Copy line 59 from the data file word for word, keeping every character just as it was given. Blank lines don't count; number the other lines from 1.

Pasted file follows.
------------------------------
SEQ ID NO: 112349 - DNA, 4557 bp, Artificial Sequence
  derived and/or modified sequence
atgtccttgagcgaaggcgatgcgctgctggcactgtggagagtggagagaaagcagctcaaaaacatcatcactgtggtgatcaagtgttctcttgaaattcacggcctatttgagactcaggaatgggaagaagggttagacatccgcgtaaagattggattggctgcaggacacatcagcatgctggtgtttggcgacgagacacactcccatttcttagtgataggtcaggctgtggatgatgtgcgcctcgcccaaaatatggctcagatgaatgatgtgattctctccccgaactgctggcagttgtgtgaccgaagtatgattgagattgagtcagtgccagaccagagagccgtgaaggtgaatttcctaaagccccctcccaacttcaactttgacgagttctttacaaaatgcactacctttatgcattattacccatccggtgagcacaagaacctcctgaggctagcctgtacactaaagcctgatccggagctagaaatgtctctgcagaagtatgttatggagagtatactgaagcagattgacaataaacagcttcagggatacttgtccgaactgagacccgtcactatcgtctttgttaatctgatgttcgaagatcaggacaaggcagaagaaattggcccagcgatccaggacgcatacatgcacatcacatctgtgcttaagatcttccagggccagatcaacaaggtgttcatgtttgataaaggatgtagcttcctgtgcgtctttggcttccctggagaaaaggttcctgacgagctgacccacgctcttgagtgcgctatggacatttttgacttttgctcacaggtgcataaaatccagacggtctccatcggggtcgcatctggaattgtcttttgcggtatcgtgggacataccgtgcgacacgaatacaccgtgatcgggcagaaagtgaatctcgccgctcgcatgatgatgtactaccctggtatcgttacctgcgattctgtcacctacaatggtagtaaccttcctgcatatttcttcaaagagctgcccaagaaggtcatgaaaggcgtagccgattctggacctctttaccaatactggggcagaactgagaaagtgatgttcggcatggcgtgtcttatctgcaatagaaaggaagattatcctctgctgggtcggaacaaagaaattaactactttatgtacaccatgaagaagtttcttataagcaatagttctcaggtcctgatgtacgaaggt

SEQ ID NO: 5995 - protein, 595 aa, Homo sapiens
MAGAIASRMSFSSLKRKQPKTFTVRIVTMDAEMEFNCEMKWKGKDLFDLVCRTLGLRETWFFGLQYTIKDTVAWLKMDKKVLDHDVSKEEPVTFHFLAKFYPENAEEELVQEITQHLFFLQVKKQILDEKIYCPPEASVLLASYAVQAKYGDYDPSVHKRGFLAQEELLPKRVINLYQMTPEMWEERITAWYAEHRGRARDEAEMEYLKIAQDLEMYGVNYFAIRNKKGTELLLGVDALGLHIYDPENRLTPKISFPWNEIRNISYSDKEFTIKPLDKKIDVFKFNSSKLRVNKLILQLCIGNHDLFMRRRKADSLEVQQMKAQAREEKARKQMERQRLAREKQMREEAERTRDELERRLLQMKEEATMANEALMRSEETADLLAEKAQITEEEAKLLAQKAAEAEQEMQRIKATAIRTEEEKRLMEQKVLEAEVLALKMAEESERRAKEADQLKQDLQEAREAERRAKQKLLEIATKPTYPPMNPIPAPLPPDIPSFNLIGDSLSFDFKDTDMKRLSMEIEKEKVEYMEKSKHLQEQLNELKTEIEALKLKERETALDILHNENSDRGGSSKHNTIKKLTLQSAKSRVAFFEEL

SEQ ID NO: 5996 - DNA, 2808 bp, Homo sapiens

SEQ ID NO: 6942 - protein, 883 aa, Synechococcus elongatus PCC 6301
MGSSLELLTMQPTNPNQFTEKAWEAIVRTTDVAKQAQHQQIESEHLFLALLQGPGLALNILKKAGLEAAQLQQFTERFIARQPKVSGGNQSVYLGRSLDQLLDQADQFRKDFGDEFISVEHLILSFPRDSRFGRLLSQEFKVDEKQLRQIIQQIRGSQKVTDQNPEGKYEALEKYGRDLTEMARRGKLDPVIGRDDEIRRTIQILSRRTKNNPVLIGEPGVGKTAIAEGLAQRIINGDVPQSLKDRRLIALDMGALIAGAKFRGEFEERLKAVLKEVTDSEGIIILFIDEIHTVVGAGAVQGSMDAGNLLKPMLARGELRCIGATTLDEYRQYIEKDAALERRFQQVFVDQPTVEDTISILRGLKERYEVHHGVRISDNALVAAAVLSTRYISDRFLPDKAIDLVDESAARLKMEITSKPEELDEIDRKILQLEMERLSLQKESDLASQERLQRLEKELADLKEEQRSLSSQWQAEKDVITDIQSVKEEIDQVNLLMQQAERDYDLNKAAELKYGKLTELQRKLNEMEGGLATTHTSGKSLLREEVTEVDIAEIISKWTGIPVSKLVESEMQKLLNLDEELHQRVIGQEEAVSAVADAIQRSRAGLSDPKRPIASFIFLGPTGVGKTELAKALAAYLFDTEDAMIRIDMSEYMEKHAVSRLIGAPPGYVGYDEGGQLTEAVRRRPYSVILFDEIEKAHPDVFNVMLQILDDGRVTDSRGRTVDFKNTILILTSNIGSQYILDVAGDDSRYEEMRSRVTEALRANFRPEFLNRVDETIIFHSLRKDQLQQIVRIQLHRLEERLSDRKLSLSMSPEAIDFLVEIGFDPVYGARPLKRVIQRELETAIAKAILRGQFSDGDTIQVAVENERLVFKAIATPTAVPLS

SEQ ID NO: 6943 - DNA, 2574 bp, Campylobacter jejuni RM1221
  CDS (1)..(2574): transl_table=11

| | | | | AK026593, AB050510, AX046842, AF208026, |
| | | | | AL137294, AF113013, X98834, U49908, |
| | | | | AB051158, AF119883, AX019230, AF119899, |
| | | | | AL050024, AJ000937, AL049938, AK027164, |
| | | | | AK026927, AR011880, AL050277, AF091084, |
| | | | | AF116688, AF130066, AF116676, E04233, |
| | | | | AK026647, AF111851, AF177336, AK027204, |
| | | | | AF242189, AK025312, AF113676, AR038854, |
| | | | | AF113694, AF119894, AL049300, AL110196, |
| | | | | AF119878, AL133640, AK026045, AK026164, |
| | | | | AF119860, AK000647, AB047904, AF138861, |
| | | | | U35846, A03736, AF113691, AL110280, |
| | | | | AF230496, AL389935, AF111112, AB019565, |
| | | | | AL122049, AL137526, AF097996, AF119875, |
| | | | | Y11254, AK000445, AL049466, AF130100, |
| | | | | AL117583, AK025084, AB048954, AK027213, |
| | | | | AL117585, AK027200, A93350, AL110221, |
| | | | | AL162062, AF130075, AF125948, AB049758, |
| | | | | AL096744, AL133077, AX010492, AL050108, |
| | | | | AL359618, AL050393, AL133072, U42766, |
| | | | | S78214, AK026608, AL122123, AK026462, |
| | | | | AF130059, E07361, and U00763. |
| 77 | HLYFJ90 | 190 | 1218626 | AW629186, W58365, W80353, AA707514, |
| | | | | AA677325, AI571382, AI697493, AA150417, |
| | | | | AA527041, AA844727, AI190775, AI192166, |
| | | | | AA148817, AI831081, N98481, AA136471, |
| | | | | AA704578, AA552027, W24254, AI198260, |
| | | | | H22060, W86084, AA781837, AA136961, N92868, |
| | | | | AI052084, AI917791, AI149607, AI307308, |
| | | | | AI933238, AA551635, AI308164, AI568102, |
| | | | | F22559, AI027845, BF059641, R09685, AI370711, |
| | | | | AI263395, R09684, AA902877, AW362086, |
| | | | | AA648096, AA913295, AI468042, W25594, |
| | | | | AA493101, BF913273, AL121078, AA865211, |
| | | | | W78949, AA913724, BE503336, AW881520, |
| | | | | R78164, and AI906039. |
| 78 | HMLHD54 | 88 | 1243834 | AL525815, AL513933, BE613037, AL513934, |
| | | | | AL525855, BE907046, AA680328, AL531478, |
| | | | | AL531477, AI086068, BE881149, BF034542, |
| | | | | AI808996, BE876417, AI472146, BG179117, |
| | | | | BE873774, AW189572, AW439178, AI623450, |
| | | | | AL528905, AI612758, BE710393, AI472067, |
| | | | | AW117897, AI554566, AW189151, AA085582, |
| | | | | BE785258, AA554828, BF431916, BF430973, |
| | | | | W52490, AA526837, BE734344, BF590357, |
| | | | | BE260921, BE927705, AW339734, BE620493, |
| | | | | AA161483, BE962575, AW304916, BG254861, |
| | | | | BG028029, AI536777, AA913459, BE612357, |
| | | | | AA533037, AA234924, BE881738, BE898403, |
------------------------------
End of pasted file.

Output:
| | | | | AA533037, AA234924, BE881738, BE898403, |